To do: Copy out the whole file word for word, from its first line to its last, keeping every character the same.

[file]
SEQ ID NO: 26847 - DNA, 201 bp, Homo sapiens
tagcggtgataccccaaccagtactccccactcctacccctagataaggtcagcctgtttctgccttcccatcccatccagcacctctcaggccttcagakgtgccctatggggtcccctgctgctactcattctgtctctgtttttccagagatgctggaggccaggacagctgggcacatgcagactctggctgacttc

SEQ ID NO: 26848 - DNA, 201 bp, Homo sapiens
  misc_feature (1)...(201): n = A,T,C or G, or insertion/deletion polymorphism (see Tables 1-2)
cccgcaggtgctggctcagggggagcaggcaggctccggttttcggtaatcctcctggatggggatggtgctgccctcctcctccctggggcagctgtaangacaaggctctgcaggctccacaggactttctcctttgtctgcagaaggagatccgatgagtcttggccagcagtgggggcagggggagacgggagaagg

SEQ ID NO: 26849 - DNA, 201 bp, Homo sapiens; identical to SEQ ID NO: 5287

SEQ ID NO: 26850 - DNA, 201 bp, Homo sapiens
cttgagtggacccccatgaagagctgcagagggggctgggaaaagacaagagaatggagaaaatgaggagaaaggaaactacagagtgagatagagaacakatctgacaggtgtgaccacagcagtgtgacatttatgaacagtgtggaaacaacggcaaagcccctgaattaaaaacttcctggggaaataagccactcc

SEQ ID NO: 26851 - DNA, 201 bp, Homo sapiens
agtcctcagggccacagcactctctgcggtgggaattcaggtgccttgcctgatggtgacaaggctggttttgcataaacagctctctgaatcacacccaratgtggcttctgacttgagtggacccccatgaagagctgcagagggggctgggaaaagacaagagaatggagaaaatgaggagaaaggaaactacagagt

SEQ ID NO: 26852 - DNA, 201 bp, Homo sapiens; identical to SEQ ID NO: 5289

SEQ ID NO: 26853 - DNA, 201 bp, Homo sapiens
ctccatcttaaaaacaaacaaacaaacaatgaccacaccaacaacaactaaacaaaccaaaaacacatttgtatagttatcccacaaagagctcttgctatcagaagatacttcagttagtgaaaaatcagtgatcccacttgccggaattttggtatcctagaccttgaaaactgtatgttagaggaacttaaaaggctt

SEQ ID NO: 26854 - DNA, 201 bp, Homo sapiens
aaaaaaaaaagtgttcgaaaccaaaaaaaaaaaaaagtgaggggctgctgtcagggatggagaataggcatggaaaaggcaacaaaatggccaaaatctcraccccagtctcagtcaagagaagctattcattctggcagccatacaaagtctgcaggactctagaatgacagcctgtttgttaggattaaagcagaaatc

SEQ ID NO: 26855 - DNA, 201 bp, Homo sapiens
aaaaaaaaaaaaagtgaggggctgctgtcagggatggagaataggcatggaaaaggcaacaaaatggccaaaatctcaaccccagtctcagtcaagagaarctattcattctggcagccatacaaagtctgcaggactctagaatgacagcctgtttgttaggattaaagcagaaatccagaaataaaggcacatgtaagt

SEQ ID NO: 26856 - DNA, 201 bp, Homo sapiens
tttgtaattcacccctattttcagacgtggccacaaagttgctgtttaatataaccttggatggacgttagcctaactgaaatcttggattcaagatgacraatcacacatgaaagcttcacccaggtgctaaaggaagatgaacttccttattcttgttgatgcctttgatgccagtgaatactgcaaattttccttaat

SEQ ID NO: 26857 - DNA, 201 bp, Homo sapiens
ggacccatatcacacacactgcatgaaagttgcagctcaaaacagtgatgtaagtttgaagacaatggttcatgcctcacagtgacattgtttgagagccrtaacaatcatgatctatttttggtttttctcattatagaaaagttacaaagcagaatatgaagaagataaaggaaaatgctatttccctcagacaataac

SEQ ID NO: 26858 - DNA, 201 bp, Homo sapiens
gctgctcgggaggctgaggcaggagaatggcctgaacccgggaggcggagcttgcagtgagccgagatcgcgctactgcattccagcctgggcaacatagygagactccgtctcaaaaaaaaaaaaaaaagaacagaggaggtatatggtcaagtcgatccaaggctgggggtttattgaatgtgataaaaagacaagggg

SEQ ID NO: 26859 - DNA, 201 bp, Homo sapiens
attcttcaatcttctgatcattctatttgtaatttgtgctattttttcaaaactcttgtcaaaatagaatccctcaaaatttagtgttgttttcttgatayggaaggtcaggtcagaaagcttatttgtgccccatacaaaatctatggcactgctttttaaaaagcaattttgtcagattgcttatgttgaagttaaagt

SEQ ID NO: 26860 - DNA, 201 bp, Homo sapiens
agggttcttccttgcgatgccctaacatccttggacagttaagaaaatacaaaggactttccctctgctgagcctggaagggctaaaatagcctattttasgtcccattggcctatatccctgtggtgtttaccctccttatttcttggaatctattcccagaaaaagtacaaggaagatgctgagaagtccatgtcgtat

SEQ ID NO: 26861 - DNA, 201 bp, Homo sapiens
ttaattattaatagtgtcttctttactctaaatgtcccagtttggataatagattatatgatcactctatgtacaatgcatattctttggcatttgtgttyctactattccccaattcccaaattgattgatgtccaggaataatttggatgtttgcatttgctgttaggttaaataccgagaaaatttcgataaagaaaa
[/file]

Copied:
SEQ ID NO: 26847 - DNA, 201 bp, Homo sapiens
tagcggtgataccccaaccagtactccccactcctacccctagataaggtcagcctgtttctgccttcccatcccatccagcacctctcaggccttcagakgtgccctatggggtcccctgctgctactcattctgtctctgtttttccagagatgctggaggccaggacagctgggcacatgcagactctggctgacttc

SEQ ID NO: 26848 - DNA, 201 bp, Homo sapiens
  misc_feature (1)...(201): n = A,T,C or G, or insertion/deletion polymorphism (see Tables 1-2)
cccgcaggtgctggctcagggggagcaggcaggctccggttttcggtaatcctcctggatggggatggtgctgccctcctcctccctggggcagctgtaangacaaggctctgcaggctccacaggactttctcctttgtctgcagaaggagatccgatgagtcttggccagcagtgggggcagggggagacgggagaagg

SEQ ID NO: 26849 - DNA, 201 bp, Homo sapiens; identical to SEQ ID NO: 5287

SEQ ID NO: 26850 - DNA, 201 bp, Homo sapiens
cttgagtggacccccatgaagagctgcagagggggctgggaaaagacaagagaatggagaaaatgaggagaaaggaaactacagagtgagatagagaacakatctgacaggtgtgaccacagcagtgtgacatttatgaacagtgtggaaacaacggcaaagcccctgaattaaaaacttcctggggaaataagccactcc

SEQ ID NO: 26851 - DNA, 201 bp, Homo sapiens
agtcctcagggccacagcactctctgcggtgggaattcaggtgccttgcctgatggtgacaaggctggttttgcataaacagctctctgaatcacacccaratgtggcttctgacttgagtggacccccatgaagagctgcagagggggctgggaaaagacaagagaatggagaaaatgaggagaaaggaaactacagagt

SEQ ID NO: 26852 - DNA, 201 bp, Homo sapiens; identical to SEQ ID NO: 5289

SEQ ID NO: 26853 - DNA, 201 bp, Homo sapiens
ctccatcttaaaaacaaacaaacaaacaatgaccacaccaacaacaactaaacaaaccaaaaacacatttgtatagttatcccacaaagagctcttgctatcagaagatacttcagttagtgaaaaatcagtgatcccacttgccggaattttggtatcctagaccttgaaaactgtatgttagaggaacttaaaaggctt

SEQ ID NO: 26854 - DNA, 201 bp, Homo sapiens
aaaaaaaaaagtgttcgaaaccaaaaaaaaaaaaaagtgaggggctgctgtcagggatggagaataggcatggaaaaggcaacaaaatggccaaaatctcraccccagtctcagtcaagagaagctattcattctggcagccatacaaagtctgcaggactctagaatgacagcctgtttgttaggattaaagcagaaatc

SEQ ID NO: 26855 - DNA, 201 bp, Homo sapiens
aaaaaaaaaaaaagtgaggggctgctgtcagggatggagaataggcatggaaaaggcaacaaaatggccaaaatctcaaccccagtctcagtcaagagaarctattcattctggcagccatacaaagtctgcaggactctagaatgacagcctgtttgttaggattaaagcagaaatccagaaataaaggcacatgtaagt

SEQ ID NO: 26856 - DNA, 201 bp, Homo sapiens
tttgtaattcacccctattttcagacgtggccacaaagttgctgtttaatataaccttggatggacgttagcctaactgaaatcttggattcaagatgacraatcacacatgaaagcttcacccaggtgctaaaggaagatgaacttccttattcttgttgatgcctttgatgccagtgaatactgcaaattttccttaat

SEQ ID NO: 26857 - DNA, 201 bp, Homo sapiens
ggacccatatcacacacactgcatgaaagttgcagctcaaaacagtgatgtaagtttgaagacaatggttcatgcctcacagtgacattgtttgagagccrtaacaatcatgatctatttttggtttttctcattatagaaaagttacaaagcagaatatgaagaagataaaggaaaatgctatttccctcagacaataac

SEQ ID NO: 26858 - DNA, 201 bp, Homo sapiens
gctgctcgggaggctgaggcaggagaatggcctgaacccgggaggcggagcttgcagtgagccgagatcgcgctactgcattccagcctgggcaacatagygagactccgtctcaaaaaaaaaaaaaaaagaacagaggaggtatatggtcaagtcgatccaaggctgggggtttattgaatgtgataaaaagacaagggg

SEQ ID NO: 26859 - DNA, 201 bp, Homo sapiens
attcttcaatcttctgatcattctatttgtaatttgtgctattttttcaaaactcttgtcaaaatagaatccctcaaaatttagtgttgttttcttgatayggaaggtcaggtcagaaagcttatttgtgccccatacaaaatctatggcactgctttttaaaaagcaattttgtcagattgcttatgttgaagttaaagt

SEQ ID NO: 26860 - DNA, 201 bp, Homo sapiens
agggttcttccttgcgatgccctaacatccttggacagttaagaaaatacaaaggactttccctctgctgagcctggaagggctaaaatagcctattttasgtcccattggcctatatccctgtggtgtttaccctccttatttcttggaatctattcccagaaaaagtacaaggaagatgctgagaagtccatgtcgtat

SEQ ID NO: 26861 - DNA, 201 bp, Homo sapiens
ttaattattaatagtgtcttctttactctaaatgtcccagtttggataatagattatatgatcactctatgtacaatgcatattctttggcatttgtgttyctactattccccaattcccaaattgattgatgtccaggaataatttggatgtttgcatttgctgttaggttaaataccgagaaaatttcgataaagaaaa